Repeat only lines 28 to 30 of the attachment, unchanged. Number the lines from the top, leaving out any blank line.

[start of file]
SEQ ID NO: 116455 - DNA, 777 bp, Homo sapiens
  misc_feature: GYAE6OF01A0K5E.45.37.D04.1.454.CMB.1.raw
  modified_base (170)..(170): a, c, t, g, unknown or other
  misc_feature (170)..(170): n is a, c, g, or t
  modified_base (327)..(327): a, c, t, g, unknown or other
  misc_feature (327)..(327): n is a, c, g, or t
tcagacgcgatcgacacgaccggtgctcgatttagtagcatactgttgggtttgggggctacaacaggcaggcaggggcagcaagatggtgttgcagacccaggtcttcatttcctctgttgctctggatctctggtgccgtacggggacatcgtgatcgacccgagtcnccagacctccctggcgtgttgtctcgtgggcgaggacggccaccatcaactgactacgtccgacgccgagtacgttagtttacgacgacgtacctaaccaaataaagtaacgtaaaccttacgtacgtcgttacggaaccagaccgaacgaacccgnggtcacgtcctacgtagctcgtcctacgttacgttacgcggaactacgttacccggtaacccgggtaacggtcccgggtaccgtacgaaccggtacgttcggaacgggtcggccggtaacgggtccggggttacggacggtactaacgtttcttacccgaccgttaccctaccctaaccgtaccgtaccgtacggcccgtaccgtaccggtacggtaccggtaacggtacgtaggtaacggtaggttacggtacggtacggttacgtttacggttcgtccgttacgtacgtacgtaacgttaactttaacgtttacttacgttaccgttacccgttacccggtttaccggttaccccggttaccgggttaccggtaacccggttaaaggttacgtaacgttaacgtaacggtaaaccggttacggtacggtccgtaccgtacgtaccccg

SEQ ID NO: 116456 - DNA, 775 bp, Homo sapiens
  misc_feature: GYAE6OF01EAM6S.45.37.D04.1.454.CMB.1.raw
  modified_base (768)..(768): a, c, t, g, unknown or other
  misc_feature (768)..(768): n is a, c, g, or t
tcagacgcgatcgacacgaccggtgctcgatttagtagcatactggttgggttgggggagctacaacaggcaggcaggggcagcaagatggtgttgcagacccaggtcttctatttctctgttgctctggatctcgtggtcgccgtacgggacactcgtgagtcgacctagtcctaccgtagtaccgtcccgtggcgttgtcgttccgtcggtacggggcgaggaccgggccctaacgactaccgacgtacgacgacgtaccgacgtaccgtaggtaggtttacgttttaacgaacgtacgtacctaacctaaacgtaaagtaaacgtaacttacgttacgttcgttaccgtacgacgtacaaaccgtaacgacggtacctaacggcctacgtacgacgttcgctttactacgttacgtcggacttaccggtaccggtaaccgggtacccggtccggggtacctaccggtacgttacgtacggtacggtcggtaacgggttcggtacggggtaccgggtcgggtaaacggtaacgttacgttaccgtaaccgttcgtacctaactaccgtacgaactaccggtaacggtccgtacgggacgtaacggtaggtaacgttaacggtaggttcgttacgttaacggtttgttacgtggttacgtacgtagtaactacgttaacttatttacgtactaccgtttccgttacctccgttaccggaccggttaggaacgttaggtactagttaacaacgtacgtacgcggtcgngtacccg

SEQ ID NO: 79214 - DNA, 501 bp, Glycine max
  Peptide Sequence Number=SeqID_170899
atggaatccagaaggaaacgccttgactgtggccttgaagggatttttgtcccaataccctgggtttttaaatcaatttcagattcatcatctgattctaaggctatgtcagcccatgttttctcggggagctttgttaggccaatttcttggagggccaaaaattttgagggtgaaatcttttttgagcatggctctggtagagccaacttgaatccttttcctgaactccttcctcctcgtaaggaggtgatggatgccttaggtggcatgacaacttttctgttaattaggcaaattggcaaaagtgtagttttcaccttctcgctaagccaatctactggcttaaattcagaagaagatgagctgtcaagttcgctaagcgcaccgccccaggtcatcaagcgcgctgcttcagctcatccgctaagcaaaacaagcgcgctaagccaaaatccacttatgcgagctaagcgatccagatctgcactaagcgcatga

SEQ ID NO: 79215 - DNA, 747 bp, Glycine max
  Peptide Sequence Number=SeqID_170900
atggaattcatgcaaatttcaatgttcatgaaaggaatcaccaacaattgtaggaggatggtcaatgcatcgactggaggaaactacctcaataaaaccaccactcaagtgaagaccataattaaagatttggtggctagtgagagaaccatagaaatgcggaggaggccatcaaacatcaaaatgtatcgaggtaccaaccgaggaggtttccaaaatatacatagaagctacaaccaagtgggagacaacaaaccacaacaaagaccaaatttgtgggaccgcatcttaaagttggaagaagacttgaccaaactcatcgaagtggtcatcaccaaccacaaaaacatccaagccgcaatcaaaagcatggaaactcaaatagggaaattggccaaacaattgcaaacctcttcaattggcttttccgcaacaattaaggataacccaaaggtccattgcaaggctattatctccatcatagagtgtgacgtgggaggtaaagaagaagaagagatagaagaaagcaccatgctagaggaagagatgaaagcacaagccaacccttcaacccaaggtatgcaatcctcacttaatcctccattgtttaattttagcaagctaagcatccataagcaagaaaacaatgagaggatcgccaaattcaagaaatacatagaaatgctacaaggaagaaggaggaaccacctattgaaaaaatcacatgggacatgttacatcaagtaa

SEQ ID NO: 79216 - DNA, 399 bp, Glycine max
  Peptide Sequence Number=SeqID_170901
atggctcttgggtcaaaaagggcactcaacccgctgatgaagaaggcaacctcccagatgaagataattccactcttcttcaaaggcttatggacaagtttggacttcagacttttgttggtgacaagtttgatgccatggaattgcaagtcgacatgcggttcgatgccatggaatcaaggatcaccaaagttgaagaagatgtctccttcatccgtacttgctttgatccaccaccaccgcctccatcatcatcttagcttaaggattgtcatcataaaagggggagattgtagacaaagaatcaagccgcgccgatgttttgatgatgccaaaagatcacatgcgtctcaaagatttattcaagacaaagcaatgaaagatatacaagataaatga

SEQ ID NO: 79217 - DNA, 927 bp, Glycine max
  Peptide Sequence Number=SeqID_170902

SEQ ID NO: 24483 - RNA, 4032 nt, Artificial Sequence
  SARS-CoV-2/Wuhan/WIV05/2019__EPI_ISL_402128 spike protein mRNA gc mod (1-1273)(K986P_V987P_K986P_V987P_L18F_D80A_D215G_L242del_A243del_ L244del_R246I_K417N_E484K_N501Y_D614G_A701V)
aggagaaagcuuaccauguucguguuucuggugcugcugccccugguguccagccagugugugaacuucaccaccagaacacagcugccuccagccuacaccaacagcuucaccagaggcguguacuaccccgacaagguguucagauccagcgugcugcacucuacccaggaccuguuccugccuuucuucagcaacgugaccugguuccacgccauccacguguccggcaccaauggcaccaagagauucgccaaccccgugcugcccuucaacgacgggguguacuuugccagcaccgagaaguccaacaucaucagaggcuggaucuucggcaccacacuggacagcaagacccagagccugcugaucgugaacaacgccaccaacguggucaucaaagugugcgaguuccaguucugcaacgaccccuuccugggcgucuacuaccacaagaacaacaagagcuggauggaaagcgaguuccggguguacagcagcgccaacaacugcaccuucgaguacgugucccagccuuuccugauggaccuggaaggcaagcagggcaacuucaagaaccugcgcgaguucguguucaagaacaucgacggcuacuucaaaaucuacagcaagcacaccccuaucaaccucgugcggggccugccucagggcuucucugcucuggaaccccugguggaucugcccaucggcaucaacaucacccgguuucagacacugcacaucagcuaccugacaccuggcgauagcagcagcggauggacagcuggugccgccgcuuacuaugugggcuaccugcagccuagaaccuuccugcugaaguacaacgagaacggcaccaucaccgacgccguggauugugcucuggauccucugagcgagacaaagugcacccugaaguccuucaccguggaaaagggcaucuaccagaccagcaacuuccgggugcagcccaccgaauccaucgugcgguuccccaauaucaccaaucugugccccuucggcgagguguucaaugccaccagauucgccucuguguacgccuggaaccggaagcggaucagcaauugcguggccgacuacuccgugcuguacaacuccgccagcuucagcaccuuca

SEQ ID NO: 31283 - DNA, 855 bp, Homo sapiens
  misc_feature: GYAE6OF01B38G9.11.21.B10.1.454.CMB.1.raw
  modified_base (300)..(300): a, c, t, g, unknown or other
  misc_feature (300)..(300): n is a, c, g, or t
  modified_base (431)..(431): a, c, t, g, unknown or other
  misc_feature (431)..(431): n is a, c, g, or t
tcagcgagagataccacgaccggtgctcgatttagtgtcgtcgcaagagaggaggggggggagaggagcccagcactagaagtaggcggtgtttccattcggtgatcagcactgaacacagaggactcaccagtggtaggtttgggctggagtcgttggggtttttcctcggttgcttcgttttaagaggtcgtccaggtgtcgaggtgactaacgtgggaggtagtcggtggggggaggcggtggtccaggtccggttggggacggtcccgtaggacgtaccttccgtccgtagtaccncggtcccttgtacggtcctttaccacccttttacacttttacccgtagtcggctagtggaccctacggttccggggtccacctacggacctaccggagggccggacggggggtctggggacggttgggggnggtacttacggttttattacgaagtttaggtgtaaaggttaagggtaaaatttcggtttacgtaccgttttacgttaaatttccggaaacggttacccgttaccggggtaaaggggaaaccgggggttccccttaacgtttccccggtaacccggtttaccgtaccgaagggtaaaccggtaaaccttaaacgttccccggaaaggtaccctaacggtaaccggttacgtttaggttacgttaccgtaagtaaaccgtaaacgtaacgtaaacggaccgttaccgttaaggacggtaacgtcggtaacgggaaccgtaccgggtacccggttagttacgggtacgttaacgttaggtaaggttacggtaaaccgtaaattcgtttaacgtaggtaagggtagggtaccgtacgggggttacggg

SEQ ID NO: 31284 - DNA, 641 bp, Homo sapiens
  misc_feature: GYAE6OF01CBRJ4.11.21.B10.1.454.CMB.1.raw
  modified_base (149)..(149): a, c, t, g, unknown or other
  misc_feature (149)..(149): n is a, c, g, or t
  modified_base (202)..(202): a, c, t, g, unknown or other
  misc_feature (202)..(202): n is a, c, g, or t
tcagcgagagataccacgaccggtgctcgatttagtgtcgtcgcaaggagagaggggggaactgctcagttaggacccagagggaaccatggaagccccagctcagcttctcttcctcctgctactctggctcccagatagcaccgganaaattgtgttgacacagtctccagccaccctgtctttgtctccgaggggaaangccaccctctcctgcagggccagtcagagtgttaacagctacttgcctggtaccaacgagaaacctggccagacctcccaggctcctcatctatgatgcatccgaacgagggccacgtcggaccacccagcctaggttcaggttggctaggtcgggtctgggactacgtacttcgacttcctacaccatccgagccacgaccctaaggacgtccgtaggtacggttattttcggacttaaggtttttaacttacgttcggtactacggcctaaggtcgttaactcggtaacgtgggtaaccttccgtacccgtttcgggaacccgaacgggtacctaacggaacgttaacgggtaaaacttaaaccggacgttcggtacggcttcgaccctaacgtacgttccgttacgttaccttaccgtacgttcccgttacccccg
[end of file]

  misc_feature: GYAE6OF01B38G9.11.21.B10.1.454.CMB.1.raw
  modified_base (300)..(300): a, c, t, g, unknown or other
  misc_feature (300)..(300): n is a, c, g, or t